Quiet Passions Are Getting Loud
M&C Saatchi Sport & Entertainment’s Ivana Ader shares her view on an emerging opportunity for brands to connect with a community of consumers through quiet passions
Reese Witherspoon loves to read.
As an A-List celebrity with a generous social media following, Witherspoon started to curate social content to share the books she was reading.
Soon there followed the creation of a community simply known as ‘Reese’s Book Club’, then a production company, Hello Sunshine, which transformed many of these books into TV series and films.
Like Oprah originally, and Emma Roberts more recently, celebrity book clubs have been mainstream for several years; they are the Hollywood equivalent of local communities built around the shared interest in this introverted activity.
And this community is a powerful one.
The process is a simple, but often overlooked opportunity for brands to realise.
Quiet passions build communities, from which commercial opportunities can be uncovered.
In other words, quiet passions are created when a sense of community is established through participation in social gatherings. These micro-communities of interests in novels, poetry, spoken word, chess (to name a few quiet passions) are then embraced through the mainstream channels of film, fashion and live music, which is an opportunity brands should take notice of.
Taking on the commodification of quiet passions into a literal product, Acne’s recent book-inspired cross-body handbag, named ‘Book Smart’ sold out online.
Meanwhile, Louis Vuitton turned their iconic trunk into a chess board for an unexpected game-off ad ahead of the World Cup between Messi and Ronaldo. The result? One of the best performing content pieces ever.
Since 2020 and the premiere of Netflix’s The Queen’s Gambit, chess has been an increasing passion interest around the world.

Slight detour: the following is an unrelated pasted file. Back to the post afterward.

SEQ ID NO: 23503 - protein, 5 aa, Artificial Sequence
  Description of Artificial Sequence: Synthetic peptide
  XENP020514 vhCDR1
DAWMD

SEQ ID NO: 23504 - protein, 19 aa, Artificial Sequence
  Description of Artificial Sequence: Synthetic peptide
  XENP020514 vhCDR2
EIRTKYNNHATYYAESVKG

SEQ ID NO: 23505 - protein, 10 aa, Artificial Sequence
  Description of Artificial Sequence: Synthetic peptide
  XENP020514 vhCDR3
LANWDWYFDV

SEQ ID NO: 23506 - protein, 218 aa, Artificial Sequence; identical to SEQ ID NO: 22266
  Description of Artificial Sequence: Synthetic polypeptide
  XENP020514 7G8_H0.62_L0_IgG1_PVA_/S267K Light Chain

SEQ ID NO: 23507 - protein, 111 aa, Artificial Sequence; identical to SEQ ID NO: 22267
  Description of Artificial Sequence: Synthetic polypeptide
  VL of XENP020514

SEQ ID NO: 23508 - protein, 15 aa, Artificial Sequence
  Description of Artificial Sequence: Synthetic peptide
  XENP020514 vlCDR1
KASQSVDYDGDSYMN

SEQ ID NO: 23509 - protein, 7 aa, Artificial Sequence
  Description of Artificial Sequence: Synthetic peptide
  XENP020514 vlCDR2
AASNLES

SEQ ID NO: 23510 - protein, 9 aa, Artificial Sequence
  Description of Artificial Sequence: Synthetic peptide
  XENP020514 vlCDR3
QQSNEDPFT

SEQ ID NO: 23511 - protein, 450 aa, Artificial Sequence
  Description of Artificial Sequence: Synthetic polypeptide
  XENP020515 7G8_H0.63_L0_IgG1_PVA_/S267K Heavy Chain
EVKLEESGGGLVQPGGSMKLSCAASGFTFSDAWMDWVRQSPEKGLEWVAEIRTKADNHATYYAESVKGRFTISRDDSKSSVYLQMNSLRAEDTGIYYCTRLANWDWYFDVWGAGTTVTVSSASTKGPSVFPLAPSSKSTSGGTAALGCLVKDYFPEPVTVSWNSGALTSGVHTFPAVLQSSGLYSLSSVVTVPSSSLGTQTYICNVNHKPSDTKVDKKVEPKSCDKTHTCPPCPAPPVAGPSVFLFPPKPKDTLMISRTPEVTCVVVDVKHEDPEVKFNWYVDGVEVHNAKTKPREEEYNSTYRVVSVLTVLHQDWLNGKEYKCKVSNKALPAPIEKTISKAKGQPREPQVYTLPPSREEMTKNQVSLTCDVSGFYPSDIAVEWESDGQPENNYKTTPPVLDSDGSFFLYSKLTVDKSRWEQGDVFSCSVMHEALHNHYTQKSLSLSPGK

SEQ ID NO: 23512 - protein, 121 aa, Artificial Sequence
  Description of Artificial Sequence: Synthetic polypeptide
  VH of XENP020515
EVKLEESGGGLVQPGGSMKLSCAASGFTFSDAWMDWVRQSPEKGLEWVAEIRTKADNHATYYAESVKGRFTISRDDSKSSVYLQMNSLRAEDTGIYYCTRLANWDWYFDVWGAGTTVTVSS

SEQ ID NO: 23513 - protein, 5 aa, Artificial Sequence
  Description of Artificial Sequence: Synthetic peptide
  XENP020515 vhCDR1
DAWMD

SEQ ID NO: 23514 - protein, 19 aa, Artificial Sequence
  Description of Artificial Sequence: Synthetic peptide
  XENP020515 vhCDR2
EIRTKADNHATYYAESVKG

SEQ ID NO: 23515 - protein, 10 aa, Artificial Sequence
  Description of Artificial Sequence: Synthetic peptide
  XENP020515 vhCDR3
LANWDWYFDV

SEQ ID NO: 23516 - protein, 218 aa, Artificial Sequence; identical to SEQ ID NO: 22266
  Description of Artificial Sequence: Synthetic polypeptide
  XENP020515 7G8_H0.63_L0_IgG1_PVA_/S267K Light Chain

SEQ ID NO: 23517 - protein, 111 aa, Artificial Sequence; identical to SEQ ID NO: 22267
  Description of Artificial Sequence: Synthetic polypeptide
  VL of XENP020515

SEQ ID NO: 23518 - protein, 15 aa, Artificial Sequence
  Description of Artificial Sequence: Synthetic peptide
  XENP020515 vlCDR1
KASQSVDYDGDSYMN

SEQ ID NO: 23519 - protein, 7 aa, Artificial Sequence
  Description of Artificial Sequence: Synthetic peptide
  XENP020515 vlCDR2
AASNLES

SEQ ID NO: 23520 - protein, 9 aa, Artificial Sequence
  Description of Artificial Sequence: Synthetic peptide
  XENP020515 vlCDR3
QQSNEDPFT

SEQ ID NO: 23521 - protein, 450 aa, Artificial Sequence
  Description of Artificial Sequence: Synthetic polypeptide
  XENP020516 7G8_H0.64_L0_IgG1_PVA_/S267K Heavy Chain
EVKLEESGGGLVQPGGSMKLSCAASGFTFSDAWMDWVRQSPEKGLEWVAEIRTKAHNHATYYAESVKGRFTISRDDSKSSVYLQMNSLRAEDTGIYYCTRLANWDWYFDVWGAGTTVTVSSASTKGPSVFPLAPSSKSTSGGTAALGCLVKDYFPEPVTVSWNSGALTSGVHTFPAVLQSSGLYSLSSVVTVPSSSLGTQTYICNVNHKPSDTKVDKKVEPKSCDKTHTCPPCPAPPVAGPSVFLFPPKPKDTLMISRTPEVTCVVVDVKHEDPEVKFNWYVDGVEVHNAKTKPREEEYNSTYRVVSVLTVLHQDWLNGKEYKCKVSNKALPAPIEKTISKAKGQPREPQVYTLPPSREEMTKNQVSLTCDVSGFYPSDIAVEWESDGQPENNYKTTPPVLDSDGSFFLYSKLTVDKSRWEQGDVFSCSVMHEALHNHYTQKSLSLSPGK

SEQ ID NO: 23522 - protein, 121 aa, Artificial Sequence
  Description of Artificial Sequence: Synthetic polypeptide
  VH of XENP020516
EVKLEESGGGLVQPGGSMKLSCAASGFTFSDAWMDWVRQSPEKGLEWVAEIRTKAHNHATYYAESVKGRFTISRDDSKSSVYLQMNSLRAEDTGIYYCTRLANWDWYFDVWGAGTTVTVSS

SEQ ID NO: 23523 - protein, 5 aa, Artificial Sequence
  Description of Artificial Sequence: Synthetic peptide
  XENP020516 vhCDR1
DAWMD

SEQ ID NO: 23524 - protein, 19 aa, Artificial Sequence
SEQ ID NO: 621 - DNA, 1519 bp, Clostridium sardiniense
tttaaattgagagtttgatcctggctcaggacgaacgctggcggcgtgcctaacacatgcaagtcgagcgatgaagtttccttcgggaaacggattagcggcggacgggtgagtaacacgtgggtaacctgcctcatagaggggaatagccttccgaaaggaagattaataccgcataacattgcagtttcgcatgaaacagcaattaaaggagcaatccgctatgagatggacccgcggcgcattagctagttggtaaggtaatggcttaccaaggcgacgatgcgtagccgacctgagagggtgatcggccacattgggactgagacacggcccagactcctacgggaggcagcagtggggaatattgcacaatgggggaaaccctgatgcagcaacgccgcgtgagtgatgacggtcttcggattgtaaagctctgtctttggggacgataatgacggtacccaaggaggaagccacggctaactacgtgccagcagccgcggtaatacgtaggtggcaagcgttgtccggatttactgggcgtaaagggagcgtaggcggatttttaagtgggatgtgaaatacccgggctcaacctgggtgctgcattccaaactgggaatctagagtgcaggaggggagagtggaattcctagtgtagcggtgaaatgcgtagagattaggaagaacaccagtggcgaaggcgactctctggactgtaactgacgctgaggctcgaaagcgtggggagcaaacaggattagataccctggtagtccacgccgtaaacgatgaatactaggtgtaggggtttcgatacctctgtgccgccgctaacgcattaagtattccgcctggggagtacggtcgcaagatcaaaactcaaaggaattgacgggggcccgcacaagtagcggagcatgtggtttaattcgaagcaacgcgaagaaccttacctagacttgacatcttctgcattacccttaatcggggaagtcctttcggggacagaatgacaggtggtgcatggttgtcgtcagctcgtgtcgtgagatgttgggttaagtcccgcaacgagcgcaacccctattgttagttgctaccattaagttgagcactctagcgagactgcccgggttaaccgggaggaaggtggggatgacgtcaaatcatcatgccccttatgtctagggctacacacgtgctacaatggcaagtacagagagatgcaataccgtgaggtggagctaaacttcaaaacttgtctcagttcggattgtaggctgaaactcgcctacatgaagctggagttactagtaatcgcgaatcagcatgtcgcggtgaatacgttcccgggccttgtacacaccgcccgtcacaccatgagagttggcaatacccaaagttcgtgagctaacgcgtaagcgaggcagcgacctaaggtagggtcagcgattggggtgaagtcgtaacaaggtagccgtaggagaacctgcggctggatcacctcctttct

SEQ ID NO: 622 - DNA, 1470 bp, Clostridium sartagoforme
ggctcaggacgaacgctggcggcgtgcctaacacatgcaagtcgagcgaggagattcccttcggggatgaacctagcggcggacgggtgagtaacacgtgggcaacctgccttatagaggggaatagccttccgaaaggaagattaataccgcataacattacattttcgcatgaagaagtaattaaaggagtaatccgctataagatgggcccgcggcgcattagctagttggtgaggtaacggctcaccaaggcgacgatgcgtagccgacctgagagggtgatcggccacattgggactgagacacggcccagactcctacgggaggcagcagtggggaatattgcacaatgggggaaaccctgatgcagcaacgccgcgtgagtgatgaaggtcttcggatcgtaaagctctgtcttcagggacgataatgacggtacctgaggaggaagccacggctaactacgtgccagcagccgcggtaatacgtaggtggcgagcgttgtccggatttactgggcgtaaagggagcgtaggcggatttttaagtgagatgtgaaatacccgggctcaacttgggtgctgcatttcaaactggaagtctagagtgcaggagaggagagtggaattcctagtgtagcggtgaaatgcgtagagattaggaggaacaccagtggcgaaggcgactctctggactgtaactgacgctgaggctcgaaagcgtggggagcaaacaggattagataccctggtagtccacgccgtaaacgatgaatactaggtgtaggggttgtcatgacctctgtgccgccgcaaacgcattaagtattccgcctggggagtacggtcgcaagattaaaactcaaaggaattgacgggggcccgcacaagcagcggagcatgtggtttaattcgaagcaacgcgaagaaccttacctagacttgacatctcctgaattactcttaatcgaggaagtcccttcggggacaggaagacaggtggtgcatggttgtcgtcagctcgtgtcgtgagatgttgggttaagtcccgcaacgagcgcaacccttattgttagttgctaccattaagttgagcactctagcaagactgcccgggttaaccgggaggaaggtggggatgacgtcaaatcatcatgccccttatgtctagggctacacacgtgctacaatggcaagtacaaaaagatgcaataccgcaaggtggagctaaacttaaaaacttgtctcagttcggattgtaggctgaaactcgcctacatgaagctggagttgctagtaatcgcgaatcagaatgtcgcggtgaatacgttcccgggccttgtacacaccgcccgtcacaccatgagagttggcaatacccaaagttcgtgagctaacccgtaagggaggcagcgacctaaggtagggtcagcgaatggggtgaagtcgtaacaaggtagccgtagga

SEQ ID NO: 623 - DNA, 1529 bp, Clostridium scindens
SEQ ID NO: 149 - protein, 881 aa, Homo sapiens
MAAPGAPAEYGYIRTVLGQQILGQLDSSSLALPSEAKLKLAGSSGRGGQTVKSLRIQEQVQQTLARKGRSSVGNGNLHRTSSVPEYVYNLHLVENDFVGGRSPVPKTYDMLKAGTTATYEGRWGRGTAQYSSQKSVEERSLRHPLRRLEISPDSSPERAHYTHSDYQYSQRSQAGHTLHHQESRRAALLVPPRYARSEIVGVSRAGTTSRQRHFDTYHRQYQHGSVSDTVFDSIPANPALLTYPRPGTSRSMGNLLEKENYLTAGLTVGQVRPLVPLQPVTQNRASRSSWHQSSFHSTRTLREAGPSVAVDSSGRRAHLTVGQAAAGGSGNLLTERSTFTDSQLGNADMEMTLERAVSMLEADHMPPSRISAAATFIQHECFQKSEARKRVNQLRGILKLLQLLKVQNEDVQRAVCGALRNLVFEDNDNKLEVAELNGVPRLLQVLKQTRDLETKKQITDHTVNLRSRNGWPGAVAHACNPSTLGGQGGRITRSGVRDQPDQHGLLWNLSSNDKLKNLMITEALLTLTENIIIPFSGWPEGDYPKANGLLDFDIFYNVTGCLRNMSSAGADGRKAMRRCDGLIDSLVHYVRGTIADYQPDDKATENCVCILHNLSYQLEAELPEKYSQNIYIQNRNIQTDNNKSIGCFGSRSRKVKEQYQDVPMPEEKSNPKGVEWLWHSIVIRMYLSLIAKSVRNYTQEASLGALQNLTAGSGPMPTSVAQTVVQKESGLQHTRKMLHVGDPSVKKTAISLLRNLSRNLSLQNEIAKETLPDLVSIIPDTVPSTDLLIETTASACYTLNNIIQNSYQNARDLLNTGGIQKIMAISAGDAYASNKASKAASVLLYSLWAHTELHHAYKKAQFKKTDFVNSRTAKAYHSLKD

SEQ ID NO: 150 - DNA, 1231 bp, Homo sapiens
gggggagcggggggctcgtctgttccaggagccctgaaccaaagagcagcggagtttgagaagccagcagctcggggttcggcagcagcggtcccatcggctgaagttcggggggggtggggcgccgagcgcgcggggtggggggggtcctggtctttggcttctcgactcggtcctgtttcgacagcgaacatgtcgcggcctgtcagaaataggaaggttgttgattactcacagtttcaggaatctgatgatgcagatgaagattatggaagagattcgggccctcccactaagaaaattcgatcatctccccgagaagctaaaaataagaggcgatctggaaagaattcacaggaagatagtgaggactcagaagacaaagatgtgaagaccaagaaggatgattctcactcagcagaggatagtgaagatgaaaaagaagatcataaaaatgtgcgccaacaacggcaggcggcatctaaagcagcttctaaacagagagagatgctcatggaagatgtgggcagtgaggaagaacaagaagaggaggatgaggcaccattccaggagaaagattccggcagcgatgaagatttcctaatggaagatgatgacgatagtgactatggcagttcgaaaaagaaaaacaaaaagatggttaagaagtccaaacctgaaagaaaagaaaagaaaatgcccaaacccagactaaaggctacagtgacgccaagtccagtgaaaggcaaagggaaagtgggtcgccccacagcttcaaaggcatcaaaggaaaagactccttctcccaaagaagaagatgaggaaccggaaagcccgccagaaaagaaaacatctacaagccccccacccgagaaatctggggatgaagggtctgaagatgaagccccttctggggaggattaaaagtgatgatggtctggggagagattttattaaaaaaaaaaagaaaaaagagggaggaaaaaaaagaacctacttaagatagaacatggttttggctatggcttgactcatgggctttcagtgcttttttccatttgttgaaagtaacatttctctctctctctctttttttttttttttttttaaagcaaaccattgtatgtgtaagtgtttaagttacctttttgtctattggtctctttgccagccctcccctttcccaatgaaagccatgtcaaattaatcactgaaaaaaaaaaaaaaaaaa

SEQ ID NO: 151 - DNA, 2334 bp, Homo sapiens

As with the Vuitton example, more recently quiet passions are leading in the creative for marketing campaigns.
In 2021, Valentino removed any images in their marketing approach for their F/W21 collection campaign by letting words paint the picture of expressing yourself through fashion by enlisting established and emerging writers including Donna Tartt, Ocean Vuong, Fatima Farheen Mirza and Raven Leilani. The campaign was a success and the following year saw Valentino launch ‘Narratives II’ featuring 17 new writers appearing in the words-only campaign.
Coca-Cola tapped into the same trend by enlisting George the Poet to write and perform a spokenword piece inspired by the brand’s Open Like Never Before campaign. Celebrating the re-opening and new-normal of COVID-19 the commercial opens with George saying “Wait, stop,” before arresting the viewer with the spoken-word poem.
More recently, at M&C Saatchi Sport & Entertainment, we launched The Absolut Choir, turning up the volume on a variety of causes and conversations, proving that when we mix, we have the power to create a better, more open world.
Choirs, often an overlooked passion area, are becoming vastly popular in the UK, with 2.8 million people part of a local choir to find confidence, make connections and build communities.
With this passion space growing in the UK, we created a choir of activists, led by singer Olly Alexander of Years & Years, and orchestrated a live concert for the performance, layered with spoken-word performances, all designed to amplify the passion with purpose.
As a result, we placed the Absolut brand at the heart of communities, conversation, and drove genuinely meaningful change for those involved and everyone who encountered the campaign.
What we can, and should, be learning from these brands is that there is a genuine commercial opportunity hidden in the pages of quiet passions.
And what’s more, it’s a trend that’s only getting louder.Back to all News & Views